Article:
Indigenous
0
6
10
7
2
0
0
8
33
40
45
33
Non-Indigenous
1
29
2
21
14
4
44
11
126
272
148
126
Not stated/ unknown
0
14
0
2
0
0
13
0
29
41
22
29
Total
1
49
12
30
16
4
57
19
188
353
215
188
Indigenous status completeness* (%)
100
71
100
93
100
100
77
100
85
 
 
Serotype completeness (%)
100
94
100
93
95
100
98
98
96
 
 

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Table 2: Frequently notified serotypes of invasive pneumococcal disease, Australia, 1 January to 31 March 2015, by age group
Serotype Age group Serotype total*
Under 5 years 5 to 64 years Over 65 years
* Serotypes that only occur in less than 5 cases per quarter are grouped as ‘Other’ and include ‘non-typable’ samples this quarter.

† ‘Serotype unknown’ includes those serotypes reported as ‘no isolate’, ‘not referred’, ‘not viable’, ‘typing pending’ and ‘untyped’.
19A
5
6
6
17
23B
3
5
5
13
19F
4
5
3
12
6C
0
4
8
12
3
2
6
1
9
9N
2
6
1
9
16F
0
5
3
8
8
1
6
1
8
11A
0
5
2
7
15A
0
2
4
6
22F
0
2
4
6
23A
0
2
4
6
15B
2
2
1
5
33F
0
3
2
5
7F
0
5
0
5
Other
8
18
17
43
Serotype unknown
3
10
4
17
Total
30
92
66
188

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In non-Indigenous Australians, the number of notified cases was highest in the under 5 years age group followed by the 65–69 years age group. In Aboriginal and Torres Strait Islander people, the number of notified cases was highest in the under 5 years age group followed by the 50–54  years age group (Table 3). The distribution of IPD cases across age groups and by Indigenous status was similar to the 1st quarter of 2014 (http://www.health.gov.au/internet/main/publishing.nsf/Content/cda-cdi3802n.htm).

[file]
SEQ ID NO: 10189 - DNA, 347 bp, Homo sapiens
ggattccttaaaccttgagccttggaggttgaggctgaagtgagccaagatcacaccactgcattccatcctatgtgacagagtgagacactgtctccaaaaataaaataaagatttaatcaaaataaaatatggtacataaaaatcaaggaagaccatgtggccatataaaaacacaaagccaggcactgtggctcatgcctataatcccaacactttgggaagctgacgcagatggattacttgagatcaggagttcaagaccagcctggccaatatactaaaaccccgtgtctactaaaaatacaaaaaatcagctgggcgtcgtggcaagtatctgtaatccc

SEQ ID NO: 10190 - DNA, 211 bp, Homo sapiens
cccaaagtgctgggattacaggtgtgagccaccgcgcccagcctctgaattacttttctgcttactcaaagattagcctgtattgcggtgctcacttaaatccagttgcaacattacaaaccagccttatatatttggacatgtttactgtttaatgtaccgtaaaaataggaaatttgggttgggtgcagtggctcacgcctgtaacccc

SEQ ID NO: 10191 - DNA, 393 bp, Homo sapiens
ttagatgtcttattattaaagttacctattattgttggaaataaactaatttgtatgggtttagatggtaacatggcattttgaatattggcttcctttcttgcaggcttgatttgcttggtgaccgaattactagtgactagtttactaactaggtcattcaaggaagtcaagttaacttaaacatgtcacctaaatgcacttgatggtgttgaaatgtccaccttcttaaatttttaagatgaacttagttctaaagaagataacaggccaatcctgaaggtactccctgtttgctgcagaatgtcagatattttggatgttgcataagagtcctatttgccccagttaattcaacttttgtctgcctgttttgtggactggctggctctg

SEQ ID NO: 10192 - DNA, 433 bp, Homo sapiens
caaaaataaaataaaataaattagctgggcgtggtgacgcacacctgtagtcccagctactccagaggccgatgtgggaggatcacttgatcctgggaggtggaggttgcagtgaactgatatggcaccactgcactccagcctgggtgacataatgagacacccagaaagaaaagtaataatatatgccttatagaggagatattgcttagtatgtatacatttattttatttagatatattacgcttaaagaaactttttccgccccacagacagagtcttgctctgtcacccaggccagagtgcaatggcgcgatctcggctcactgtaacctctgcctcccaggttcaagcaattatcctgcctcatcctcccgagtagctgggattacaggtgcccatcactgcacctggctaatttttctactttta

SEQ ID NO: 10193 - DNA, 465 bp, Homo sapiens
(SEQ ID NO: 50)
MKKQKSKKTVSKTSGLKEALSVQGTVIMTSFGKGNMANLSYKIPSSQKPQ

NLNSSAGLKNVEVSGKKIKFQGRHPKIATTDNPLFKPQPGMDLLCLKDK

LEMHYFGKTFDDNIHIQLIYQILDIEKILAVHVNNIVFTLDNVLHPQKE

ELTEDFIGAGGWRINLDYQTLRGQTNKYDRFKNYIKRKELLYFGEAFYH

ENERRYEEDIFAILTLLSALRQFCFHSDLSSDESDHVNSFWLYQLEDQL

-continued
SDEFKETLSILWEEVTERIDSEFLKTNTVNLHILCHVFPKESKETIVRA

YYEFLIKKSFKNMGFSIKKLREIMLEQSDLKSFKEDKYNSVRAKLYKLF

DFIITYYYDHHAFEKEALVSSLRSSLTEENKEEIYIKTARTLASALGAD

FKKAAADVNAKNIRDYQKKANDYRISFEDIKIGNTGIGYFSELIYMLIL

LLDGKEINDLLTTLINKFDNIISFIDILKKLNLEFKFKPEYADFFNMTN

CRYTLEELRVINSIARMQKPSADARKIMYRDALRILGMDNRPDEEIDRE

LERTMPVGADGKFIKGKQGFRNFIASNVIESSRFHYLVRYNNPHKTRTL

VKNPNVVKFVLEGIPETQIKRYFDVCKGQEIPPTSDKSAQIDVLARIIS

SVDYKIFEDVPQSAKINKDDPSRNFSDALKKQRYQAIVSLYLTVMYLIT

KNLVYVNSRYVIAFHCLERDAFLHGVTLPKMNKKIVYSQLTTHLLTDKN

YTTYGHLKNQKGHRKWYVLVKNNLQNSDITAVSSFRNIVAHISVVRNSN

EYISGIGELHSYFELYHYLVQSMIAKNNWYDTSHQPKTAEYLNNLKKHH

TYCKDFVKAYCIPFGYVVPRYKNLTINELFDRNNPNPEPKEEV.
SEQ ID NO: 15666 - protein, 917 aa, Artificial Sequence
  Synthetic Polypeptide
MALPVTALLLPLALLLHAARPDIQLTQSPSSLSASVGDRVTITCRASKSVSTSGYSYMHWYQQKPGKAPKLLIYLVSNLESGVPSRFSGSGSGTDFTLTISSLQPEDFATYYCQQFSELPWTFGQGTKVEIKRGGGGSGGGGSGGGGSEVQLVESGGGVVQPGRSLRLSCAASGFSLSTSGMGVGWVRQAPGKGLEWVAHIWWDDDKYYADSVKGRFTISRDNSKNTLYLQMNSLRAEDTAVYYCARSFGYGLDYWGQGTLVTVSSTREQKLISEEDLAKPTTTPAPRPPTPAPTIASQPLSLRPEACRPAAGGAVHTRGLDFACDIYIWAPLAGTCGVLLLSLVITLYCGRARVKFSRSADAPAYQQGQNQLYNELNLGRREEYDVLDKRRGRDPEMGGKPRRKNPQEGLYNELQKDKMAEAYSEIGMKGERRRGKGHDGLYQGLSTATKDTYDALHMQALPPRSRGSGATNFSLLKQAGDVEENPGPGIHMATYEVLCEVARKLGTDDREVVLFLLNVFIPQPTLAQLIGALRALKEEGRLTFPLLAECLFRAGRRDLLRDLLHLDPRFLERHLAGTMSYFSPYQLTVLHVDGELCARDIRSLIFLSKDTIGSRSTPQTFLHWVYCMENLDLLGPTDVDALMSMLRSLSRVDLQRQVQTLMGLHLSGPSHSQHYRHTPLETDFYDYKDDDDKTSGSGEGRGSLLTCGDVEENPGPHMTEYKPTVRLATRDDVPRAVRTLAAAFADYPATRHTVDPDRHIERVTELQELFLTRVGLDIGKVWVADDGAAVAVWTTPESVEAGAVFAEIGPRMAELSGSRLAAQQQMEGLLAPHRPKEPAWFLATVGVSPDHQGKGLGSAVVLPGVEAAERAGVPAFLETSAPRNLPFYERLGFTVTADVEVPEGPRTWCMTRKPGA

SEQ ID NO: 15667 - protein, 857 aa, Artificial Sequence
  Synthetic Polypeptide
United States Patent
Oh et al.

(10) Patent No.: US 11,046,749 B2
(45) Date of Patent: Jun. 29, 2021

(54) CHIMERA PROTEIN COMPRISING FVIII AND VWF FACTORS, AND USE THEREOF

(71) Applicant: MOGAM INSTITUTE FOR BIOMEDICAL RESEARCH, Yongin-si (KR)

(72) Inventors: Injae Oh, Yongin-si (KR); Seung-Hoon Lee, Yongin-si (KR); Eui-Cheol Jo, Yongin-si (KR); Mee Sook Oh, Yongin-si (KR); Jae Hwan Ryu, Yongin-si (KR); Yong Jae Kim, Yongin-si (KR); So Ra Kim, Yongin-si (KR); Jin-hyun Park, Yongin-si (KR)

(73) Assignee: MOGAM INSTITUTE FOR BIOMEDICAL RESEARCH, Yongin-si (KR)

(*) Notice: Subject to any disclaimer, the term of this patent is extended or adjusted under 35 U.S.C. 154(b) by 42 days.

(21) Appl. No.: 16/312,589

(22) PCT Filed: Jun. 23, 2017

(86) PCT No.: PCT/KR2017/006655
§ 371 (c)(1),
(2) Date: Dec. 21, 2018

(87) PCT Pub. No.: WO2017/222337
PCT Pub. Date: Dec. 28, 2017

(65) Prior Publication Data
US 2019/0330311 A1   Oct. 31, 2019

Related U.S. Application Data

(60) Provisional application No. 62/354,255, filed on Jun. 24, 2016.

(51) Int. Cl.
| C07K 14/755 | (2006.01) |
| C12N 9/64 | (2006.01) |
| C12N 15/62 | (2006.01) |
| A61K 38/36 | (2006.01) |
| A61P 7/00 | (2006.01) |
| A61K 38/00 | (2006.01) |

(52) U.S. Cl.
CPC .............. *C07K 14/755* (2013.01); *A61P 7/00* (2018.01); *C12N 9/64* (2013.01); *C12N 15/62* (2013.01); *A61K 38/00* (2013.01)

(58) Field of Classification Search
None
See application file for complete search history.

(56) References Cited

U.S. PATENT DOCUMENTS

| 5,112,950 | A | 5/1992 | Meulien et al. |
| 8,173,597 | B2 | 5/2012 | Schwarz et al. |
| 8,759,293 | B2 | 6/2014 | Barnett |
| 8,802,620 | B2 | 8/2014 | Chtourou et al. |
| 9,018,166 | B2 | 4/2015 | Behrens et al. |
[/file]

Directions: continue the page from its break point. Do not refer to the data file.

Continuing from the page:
Table 3 Notified cases of invasive pneumococcal disease, Australia, 1 January to 31 March 2015, by Indigenous status and age group
Age group Indigenous status Total
Indigenous Non-Indigenous Not reported
0–4
8
20
2
30
5–9
2
4
2
8
10–14
2
2
1
5
15–19
1
1
2
4
20–24
1
0
0
1
25–29
0
0
0
0
30–34
1
5
0
6
35–39
1
2
2
5
40–44
4
2
2
8
45–49
3
2
5
10
50–54
5
13
2
20
55–59
2
10
0
12
60–64
1
10
2
13
65–69
0
14
4
18
70–74
1
10
1
12
75–79
0
13
1
14
80–84
1
6
0
7
85+
0
12
3
15
Total
33 (18%)
126 (67%)
29 (15%)
188